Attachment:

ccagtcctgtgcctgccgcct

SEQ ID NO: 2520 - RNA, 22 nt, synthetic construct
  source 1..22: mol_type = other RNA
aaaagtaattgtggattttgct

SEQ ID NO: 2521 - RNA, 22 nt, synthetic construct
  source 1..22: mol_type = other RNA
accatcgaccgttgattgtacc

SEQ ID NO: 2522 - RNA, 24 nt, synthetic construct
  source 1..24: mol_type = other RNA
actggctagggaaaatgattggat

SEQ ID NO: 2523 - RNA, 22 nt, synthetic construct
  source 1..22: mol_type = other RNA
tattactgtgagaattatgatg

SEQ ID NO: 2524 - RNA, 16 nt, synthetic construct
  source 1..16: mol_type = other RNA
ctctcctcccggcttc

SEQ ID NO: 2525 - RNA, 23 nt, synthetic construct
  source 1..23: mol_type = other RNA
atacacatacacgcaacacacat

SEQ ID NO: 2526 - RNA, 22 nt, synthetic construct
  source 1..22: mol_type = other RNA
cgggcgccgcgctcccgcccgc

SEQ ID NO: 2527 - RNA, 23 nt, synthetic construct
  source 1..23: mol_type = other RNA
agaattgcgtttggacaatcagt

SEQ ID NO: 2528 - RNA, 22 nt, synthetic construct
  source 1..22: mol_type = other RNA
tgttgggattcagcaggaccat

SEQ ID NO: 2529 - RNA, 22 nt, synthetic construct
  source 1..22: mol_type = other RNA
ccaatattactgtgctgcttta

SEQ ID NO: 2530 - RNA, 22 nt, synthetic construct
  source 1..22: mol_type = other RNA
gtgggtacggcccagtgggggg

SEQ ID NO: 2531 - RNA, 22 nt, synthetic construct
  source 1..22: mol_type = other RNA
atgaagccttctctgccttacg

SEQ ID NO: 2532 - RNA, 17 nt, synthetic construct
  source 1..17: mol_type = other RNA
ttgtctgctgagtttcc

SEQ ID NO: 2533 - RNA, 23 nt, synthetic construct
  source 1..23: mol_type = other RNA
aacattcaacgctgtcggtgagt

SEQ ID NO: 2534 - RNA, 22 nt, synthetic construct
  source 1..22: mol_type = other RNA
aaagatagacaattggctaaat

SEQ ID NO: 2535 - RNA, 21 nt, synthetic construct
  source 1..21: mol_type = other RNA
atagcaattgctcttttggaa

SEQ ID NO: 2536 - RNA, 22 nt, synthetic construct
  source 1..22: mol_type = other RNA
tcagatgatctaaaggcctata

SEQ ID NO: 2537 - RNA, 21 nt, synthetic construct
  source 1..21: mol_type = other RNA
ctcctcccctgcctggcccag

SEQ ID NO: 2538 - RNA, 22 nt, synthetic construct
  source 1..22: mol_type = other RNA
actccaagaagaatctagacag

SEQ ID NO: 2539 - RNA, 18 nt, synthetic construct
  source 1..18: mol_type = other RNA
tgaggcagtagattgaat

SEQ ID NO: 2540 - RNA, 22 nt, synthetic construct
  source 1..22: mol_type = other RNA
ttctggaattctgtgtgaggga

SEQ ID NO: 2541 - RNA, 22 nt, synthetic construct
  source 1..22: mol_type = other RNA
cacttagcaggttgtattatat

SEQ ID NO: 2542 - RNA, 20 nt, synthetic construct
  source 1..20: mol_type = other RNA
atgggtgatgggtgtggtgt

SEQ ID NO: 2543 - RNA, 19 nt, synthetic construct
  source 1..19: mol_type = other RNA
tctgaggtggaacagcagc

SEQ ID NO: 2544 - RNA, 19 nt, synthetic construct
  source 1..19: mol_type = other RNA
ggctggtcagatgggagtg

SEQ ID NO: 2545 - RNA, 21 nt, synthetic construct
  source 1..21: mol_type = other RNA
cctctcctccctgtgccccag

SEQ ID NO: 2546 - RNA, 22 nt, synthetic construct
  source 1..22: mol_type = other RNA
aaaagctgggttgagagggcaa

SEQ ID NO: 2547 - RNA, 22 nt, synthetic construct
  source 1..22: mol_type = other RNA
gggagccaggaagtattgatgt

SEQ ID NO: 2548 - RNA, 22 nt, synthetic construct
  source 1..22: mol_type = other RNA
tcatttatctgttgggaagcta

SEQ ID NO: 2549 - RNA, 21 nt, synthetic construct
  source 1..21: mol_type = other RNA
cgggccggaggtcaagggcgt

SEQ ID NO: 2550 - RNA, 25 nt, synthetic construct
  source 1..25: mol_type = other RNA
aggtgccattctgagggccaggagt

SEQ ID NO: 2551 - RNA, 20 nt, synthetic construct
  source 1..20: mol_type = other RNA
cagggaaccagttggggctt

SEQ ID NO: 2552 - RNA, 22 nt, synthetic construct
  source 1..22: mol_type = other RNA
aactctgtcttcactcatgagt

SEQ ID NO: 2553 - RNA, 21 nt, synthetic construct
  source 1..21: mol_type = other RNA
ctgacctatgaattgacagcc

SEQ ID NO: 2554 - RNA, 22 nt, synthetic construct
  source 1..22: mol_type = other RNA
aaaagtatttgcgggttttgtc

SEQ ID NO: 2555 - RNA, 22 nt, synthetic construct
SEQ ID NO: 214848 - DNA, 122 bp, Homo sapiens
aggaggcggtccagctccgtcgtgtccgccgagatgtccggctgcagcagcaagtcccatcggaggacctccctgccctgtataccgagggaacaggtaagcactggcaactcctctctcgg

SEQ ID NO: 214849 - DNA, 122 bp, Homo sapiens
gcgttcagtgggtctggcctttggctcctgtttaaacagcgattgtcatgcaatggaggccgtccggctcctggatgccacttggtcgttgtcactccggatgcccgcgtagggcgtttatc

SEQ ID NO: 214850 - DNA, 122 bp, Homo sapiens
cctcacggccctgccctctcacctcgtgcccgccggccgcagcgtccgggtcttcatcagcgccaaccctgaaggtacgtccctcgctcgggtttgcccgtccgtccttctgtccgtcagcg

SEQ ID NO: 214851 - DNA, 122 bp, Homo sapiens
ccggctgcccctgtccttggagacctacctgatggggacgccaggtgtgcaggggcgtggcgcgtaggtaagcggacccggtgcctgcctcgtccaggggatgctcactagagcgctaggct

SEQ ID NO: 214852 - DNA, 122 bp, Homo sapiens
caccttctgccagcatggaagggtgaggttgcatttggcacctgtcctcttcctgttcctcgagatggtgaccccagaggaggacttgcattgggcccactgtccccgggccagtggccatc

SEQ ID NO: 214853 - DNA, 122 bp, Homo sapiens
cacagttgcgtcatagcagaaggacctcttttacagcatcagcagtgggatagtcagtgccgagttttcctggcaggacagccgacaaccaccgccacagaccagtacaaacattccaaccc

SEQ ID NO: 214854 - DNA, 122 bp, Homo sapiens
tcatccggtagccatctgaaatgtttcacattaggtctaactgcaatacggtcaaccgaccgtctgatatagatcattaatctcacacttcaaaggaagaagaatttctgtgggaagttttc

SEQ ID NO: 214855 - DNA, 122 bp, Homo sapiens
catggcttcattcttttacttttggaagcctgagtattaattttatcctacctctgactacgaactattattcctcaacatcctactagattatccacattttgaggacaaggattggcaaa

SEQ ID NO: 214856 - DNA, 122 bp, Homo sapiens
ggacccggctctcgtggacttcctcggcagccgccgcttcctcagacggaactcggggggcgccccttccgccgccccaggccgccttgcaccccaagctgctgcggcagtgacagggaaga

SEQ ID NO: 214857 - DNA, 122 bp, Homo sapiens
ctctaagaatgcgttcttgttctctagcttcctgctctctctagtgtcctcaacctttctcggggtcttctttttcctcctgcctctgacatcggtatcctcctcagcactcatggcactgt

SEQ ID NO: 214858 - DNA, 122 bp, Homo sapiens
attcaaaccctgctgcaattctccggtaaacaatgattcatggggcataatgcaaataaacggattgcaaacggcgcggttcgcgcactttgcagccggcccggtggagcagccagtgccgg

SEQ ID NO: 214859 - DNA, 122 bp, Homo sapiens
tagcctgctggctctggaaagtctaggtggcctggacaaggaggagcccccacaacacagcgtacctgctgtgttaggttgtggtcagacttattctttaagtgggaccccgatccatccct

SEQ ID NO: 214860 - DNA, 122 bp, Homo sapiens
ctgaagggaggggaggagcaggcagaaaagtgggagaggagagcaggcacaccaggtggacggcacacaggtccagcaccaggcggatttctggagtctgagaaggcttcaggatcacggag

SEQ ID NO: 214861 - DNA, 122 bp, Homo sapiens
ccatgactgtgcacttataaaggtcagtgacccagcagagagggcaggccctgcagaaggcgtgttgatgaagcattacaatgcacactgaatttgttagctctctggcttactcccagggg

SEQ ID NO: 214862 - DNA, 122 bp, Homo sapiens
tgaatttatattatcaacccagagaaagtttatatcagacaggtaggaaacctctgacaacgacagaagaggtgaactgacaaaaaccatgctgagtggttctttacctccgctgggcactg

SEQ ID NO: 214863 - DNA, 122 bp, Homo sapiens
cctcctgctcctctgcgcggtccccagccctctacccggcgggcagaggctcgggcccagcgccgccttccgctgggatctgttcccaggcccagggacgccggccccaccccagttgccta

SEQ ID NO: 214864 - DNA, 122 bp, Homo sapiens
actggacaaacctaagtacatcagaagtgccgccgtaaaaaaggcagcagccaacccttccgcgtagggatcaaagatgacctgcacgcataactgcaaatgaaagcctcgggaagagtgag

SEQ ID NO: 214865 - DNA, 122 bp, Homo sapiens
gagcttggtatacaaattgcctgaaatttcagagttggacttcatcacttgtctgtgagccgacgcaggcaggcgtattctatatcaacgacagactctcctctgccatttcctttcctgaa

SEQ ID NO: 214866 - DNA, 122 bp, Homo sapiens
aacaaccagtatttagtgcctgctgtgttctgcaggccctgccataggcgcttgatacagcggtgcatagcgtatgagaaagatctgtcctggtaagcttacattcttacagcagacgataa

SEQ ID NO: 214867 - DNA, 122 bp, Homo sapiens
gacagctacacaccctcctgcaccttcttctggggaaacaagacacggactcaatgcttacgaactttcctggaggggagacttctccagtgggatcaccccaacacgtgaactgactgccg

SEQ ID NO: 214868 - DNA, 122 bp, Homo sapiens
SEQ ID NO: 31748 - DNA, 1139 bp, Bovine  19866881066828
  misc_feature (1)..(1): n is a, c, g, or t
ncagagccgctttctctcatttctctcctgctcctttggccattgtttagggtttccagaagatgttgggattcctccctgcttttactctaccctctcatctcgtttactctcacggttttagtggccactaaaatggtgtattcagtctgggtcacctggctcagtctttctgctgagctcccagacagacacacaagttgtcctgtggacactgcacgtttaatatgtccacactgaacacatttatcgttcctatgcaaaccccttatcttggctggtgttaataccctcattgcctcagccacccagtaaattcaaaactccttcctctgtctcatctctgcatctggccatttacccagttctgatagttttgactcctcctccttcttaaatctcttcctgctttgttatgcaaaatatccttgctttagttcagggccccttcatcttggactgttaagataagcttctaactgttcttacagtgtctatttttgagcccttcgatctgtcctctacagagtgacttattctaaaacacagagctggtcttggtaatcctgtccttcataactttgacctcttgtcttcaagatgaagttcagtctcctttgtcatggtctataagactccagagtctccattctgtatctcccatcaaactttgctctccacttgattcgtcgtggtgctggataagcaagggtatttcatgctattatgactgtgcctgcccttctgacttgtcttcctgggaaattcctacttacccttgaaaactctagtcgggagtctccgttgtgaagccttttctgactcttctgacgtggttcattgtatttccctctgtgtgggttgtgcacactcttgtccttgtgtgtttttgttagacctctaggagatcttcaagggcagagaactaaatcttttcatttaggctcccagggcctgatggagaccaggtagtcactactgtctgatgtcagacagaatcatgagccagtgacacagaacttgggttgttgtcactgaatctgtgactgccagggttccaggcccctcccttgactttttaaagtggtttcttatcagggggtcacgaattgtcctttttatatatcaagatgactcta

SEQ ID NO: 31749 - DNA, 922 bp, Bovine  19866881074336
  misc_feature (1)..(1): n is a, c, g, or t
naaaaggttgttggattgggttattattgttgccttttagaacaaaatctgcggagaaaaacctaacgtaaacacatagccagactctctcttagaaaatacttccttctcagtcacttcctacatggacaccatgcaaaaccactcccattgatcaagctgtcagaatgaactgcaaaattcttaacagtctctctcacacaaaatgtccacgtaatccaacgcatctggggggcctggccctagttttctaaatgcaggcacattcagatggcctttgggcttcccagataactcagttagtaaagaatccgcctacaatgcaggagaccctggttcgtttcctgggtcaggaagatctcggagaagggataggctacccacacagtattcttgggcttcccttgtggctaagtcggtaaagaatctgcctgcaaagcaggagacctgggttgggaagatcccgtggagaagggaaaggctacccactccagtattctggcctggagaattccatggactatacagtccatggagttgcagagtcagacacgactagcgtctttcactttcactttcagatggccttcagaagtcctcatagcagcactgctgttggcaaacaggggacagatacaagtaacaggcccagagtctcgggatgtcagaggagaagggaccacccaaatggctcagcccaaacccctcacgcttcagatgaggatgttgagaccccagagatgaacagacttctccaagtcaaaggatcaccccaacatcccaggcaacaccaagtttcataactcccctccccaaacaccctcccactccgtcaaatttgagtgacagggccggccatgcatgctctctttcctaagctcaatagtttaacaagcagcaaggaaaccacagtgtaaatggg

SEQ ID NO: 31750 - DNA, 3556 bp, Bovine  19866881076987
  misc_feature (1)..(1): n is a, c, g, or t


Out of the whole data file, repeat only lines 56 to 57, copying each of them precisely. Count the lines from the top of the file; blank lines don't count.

SEQ ID NO: 2538 - RNA, 22 nt, synthetic construct
  source 1..22: mol_type = other RNA